Maybe it was the pessimistic side of me or maybe it was my ‘coaching gut’ or maybe I was just psychic but I really had my doubts about both the legitimacy and severity of the injury.  She sat out almost all of pre-season (missed the Fitness Test), but just a few days before our first exhibition, she was ‘miraculously’ getting better…and…yep, you guessed it – was fully recovered just in time for the friendly.  

     The trainer had his doubts, as well.  He told me that she started inquiring whether she’d be able to play in the upcoming exhibition or not almost every-time she reported in for treatment and once that day came, she was ‘suddenly’ 100% recovered and ready to go.  

     My normal personality is one where I almost never get angry and my coaching personality follows suit.  However, there are things that get under my skin and this was one of them. I was as close to being infuriated as possible, without actually being so.  I didn’t play her in any of our pre-season exhibitions (she was the only one who never played in these friendlies as everyone else had passed their fitness requirements and thus were eligible) and I left her behind on our first road-trip. Eventually, she confronted me about it asking why she wasn’t getting playing time.  I didn’t respond at first, but rather had her follow me to my office where I reached into a filing cabinet and handed her a copy of the Fitness Test and said, “When you pass, you can play.” She self-selected out two days later.  

     Not only is it laziness, but it is also a lack of respect for themselves, their teammates, their coaches and the entire program.  On top of that, it’s dishonest and that’s not a good first impression to make; one of ‘distrust.’  If they want to develop an invisible injury or illness, then I feel like making them invisible to the program!

      I just have no patience for this. I take it as a personal insult, especially since I put myself through absolute horrors to be as prepared to play this game as possible.  I was going into my senior-year of college. I went through an entire pre-season, including a full-week of two-a-days, after having tested positive for the Epstein-Barr Virus - you know, the one that causesMononucleosis (Mono).  I fought through every session and was so tired each day that after lunch I would literally sleep downstairs in the student-center below the dining commons because I didn't have enough in the tank to make it home and back.  My teammates would be sure to wake me up when it was time to get ready for the afternoon session.  That was very hard and if I was able to put myself through that and still be an All-Conference Player that year, then surely you can see why I have such little patience for these ridiculous and insulting "invisible" injuries...or rather excuses for being lazy!

     Now, looking at this from a different angle, I believe it is quite healthy for players to venttheir feelings (venting is different from complaining), it needs to stop at some point and action needs to take place, but the freedom to feel comfortable enough to vent is a very positive thing.  Because ‘venting’ looks very similar to ‘complaining,’ there are many coaches who are unable to distinguish the two and end-up squelching the sense of comfort a player has tovent.  This is a very dangerous move for coaches.  When you begin to inhibit the comfort level of your players within the confines of the program, their natural response is to defend themselves, which many times results in fear of failure and a lack of confidence to try new things and play freely.  So what you have really done by not allowing time to elapse and manifest whether the player was ‘venting’ or actually ‘complaining’ is concede yourself to the fact that they were ‘complaining’ and deal with it without regard to the fact that they might not have been 'complaining' at all.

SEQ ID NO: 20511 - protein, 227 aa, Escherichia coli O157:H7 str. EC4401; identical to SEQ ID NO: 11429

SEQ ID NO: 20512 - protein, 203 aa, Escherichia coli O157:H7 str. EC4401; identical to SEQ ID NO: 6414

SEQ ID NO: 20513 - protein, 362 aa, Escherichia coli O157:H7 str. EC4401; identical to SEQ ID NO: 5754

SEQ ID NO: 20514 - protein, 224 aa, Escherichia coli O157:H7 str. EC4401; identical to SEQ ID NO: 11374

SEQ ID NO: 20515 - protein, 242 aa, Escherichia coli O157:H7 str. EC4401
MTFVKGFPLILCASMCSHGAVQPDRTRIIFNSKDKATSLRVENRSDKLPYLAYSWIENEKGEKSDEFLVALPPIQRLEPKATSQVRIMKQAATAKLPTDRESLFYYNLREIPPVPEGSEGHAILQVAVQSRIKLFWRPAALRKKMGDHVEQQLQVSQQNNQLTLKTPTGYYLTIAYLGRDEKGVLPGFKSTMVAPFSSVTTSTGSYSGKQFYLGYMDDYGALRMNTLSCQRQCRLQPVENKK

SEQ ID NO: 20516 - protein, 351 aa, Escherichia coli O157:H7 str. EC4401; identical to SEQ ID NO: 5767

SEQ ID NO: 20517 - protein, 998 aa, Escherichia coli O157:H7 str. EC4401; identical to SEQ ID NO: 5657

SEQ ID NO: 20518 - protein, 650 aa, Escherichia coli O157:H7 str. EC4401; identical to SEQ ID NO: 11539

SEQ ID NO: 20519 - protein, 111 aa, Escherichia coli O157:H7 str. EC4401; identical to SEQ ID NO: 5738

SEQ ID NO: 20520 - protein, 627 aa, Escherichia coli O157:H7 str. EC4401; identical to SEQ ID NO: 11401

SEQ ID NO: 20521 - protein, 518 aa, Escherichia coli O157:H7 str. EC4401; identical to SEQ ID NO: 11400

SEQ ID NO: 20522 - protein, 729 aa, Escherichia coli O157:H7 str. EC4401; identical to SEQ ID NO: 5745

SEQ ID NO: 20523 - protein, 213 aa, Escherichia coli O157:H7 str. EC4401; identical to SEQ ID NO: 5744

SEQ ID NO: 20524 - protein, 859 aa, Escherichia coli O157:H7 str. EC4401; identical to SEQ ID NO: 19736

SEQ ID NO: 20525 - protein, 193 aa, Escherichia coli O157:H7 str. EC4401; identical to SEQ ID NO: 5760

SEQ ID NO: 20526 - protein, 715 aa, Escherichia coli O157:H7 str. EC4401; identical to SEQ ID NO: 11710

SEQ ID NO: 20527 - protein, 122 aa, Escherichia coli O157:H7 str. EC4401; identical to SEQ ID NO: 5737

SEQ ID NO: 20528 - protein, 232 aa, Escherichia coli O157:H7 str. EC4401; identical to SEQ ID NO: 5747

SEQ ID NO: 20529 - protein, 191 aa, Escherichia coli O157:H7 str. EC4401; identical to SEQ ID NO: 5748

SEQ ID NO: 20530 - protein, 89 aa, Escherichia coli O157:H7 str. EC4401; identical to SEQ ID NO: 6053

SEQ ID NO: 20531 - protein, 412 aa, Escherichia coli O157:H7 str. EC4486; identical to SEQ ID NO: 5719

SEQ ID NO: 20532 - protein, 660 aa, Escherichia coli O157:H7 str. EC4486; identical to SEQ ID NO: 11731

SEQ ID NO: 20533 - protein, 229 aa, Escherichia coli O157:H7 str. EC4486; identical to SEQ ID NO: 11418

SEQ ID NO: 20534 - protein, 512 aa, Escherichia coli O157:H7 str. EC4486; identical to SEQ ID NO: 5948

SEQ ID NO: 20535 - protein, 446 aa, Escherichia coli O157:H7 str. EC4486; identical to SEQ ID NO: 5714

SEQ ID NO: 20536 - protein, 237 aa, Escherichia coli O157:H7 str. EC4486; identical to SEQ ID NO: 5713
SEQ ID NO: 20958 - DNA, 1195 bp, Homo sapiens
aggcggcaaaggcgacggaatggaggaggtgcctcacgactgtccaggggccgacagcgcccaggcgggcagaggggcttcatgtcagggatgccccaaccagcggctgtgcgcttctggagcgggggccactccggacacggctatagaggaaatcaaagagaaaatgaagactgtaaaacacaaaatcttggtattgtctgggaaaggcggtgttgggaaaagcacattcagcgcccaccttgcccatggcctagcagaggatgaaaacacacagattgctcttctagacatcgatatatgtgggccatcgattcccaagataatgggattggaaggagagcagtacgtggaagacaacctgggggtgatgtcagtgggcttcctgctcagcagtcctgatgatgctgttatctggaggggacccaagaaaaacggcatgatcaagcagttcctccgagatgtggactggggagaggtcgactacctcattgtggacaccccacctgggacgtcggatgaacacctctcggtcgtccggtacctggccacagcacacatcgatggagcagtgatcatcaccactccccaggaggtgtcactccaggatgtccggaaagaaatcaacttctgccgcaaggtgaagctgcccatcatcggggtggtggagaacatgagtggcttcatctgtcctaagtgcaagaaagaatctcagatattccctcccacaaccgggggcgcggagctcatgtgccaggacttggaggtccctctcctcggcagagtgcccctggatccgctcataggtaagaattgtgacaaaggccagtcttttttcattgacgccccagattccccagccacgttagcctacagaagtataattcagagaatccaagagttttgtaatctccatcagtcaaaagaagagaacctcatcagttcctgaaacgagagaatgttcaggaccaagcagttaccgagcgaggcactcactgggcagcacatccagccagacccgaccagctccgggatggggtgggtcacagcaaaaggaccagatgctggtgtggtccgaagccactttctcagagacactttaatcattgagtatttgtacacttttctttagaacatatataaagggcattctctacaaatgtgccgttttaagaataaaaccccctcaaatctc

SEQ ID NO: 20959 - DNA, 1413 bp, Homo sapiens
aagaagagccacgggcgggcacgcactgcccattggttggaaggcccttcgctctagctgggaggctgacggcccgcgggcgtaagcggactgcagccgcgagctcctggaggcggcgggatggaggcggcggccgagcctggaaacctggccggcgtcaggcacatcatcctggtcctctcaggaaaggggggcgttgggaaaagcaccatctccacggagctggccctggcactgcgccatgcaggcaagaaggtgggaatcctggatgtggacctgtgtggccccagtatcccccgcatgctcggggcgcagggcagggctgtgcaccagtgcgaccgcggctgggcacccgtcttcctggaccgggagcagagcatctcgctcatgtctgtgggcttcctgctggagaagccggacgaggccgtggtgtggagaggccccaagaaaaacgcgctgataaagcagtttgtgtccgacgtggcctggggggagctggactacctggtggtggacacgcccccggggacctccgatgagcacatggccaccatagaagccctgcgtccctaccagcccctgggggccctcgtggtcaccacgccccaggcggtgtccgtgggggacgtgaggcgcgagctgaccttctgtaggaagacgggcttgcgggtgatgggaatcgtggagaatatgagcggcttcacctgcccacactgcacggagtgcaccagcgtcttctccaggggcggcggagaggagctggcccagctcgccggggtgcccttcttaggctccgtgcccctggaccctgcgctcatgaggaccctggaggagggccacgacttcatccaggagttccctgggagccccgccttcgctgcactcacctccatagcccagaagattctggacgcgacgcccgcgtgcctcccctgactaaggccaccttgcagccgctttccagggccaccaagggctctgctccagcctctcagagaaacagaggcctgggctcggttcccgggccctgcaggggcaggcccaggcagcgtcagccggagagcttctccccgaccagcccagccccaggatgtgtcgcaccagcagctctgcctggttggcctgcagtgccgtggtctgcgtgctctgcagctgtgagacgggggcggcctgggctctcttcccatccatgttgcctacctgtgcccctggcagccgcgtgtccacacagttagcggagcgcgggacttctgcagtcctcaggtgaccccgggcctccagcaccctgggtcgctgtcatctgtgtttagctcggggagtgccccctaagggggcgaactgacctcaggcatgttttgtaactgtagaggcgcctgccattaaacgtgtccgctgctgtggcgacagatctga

Because it is so difficult to initially discern whether a player is ‘venting’ or ‘complaining’, I have found that time will answer this question for you.  If a player is ‘venting,’ it will happen and then be gone. However, if a player is ‘complaining,’ then it won’t disappear and will grow like poisonous fungi throughout your team if it is left unchecked. After some sort of a loss or mistake, I give my players at most a 24-hour period to complain, wish, beat themselves up, feel bad and maybe even play the victim. However, after this point, it is time to get back in the game and back to business. The first line in "The Road Less Traveled" by Scott Peckstates, "Life is difficult." This is true in sports and most definitely true in the game of football. Accept this fact and get in the game. Yes, it is tough at times, but wishing, complaining and playing the victim do nothing at all; doing, problem solving, and holding ourselves accountable does. So look yourself in the mirror and assess yourself honestly…and…whatever your answer, stop wishing and start working.  

     Though some trainers encourage running for a full year without injury before fully being able to establish a fitness base, the trainers whom specialize in football and even more specifically women’s football are less restrictive. Jim Caldman, an Athletic Performance Specialist for a women’s pro-club here in Australia stated “Once you can run three mile runs three times per week for three to four months, you’ve established your fitness base.

     Some clubs host ‘pre-season camps’ for players whom are stepping up to the next level. If done correctly, these types of camps can be quite beneficial in helping to educate and expose a player to a new and usually different level of training. Regardless of how beneficial they may be for some, I question why these camps are even needed? If we better prepare our players in the natural flow of their developmental process, these camps wouldn’t eve be needed, would they? Sure, there will also be that innocent, naïve “wisher” looking for a quick fix or even a boost that will keep these types of camps from ever disappearing entirely, but again, I ask: what is the real purpose? To serve as a band-aid for the failures of coaches who should’ve been doing their job long before the thought of these camps even entered a player’s mind?